Analysis: The Government of Turkey’s recent extension of the deadline for Syrian refugees to settle their legal status, albeit important to the refugees themselves, indicates no change in overall Turkish refugee policy. Turkey’s policies on Syrian refugees have put in place various structural and legal impediments that obstruct most prospects for Syrian refugees to attain housing and working permits, and subsequently a long-term status in Turkey. Most importantly, as noted in Syria Update July 18-24, anti-refugee measures in Turkey, similar to other refugee host countries, have become a national priority common among domestic actors and are increasingly regarded as a means of domestic political approval. These punitive policies are concurrent to general anti-refugee sentiments amongst the Turkish population, which will necessarily embolden anti-refugee measures. A similar fixation on labor and immigration laws is overt in countries like Lebanon, where illegal deportations and detentions have escalated dramatically. Refugees in Germany are also at risk of deportation and losing refugee status if they regularly travel to Syria. Thus, growing global political pressures are forming around the need for Syrian refugees to return to Syria, and will consequently threaten refugees’ personal security and jeopardize any prospects for their safe, voluntary, and dignified return.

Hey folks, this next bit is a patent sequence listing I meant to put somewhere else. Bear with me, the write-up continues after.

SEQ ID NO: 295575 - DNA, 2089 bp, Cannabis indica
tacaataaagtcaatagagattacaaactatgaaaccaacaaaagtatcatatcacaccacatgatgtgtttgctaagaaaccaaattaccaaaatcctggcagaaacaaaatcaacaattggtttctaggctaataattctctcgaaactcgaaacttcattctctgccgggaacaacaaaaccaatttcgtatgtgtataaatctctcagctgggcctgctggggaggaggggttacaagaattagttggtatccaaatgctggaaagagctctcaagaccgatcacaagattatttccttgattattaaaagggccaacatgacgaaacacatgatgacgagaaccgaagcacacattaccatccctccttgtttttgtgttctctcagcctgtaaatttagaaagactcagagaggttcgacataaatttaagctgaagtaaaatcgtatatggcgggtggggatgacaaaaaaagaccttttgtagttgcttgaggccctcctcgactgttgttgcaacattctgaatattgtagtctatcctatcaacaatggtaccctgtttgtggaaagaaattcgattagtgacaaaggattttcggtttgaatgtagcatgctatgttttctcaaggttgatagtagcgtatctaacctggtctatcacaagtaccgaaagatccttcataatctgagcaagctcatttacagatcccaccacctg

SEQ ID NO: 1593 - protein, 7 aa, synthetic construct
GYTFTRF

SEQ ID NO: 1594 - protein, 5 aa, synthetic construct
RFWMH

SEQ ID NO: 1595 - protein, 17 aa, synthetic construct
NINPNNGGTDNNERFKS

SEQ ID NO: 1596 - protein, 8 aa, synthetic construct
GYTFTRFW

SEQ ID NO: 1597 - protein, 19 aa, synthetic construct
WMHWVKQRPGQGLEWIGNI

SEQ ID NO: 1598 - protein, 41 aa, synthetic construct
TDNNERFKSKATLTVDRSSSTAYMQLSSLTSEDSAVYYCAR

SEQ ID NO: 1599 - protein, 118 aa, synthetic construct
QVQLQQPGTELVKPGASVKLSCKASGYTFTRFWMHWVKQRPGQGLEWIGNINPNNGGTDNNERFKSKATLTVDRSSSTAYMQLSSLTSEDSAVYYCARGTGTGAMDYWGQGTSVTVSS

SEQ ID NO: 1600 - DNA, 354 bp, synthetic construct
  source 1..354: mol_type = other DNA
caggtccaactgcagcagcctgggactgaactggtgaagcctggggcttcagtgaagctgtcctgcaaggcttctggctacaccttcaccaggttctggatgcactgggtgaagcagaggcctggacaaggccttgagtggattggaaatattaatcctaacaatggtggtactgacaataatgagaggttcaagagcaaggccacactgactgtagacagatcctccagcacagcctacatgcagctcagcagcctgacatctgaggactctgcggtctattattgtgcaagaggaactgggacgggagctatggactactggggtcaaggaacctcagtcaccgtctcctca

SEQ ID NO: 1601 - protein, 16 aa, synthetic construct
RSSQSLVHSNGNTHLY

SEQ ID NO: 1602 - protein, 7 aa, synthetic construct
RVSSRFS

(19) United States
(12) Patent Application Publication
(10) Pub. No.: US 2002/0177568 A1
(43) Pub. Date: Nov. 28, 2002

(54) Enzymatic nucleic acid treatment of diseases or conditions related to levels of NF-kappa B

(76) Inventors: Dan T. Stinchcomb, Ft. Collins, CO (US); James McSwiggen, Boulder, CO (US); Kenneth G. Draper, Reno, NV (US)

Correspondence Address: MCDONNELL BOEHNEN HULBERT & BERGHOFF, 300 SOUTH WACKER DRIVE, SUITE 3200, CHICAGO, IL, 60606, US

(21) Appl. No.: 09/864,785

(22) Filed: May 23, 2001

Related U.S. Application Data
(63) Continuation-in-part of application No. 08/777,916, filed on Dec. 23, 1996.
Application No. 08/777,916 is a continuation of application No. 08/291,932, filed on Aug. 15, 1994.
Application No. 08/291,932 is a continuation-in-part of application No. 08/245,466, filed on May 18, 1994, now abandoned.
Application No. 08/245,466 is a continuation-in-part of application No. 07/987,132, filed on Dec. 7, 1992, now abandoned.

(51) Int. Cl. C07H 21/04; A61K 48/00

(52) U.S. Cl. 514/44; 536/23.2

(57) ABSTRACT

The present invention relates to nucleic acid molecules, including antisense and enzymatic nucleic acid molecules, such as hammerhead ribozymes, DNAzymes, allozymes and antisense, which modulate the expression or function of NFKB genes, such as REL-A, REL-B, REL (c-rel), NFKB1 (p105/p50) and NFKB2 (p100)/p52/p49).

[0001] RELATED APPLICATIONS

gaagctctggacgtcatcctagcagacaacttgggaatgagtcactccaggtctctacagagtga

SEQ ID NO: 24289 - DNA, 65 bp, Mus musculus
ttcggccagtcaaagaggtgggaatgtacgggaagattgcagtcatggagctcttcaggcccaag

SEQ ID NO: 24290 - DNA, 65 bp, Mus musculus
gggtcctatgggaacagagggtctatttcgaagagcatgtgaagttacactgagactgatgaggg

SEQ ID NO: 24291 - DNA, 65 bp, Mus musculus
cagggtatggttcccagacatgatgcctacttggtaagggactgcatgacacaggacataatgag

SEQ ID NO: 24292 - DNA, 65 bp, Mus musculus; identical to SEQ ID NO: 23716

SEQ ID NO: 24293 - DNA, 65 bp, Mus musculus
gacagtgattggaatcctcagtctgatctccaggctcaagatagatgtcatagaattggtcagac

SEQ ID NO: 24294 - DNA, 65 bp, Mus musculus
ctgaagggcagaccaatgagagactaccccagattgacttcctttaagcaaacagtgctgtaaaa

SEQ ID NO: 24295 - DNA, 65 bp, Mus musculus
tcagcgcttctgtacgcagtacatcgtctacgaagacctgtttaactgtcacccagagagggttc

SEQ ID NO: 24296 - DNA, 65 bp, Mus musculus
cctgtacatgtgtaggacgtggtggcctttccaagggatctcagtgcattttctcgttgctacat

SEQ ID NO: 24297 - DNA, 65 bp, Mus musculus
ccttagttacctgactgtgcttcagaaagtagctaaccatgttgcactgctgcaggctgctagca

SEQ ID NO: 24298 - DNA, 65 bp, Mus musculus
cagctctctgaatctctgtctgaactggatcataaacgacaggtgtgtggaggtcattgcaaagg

The Wartime and Post-Conflict Syria project (WPCS) is funded by the European Union and implemented through a partnership between the European University Institute (Middle East Directions Programme) and the Center for Operational Analysis and Research (COAR). WPCS will provide operational and strategic analysis to policymakers and programmers concerning prospects, challenges, trends, and policy options with respect to a conflict and post-conflict Syria. WPCS also aims to stimulate new approaches and policy responses to the Syrian conflict through a regular dialogue between researchers, policymakers and donors, and implementers, as well as to build a new network of Syrian researchers that will contribute to research informing international policy and practice related to their country.
The content compiled and presented by COAR is by no means exhaustive and does not reflect COAR’s formal position, political or otherwise, on the aforementioned topics. The information, assessments, and analysis provided by COAR are only to inform humanitarian and development programs and policy. While this publication was produced with the financial support of the European Union, its contents are the sole responsibility of COAR Global LTD, and do not necessarily reflect the views of the European Union.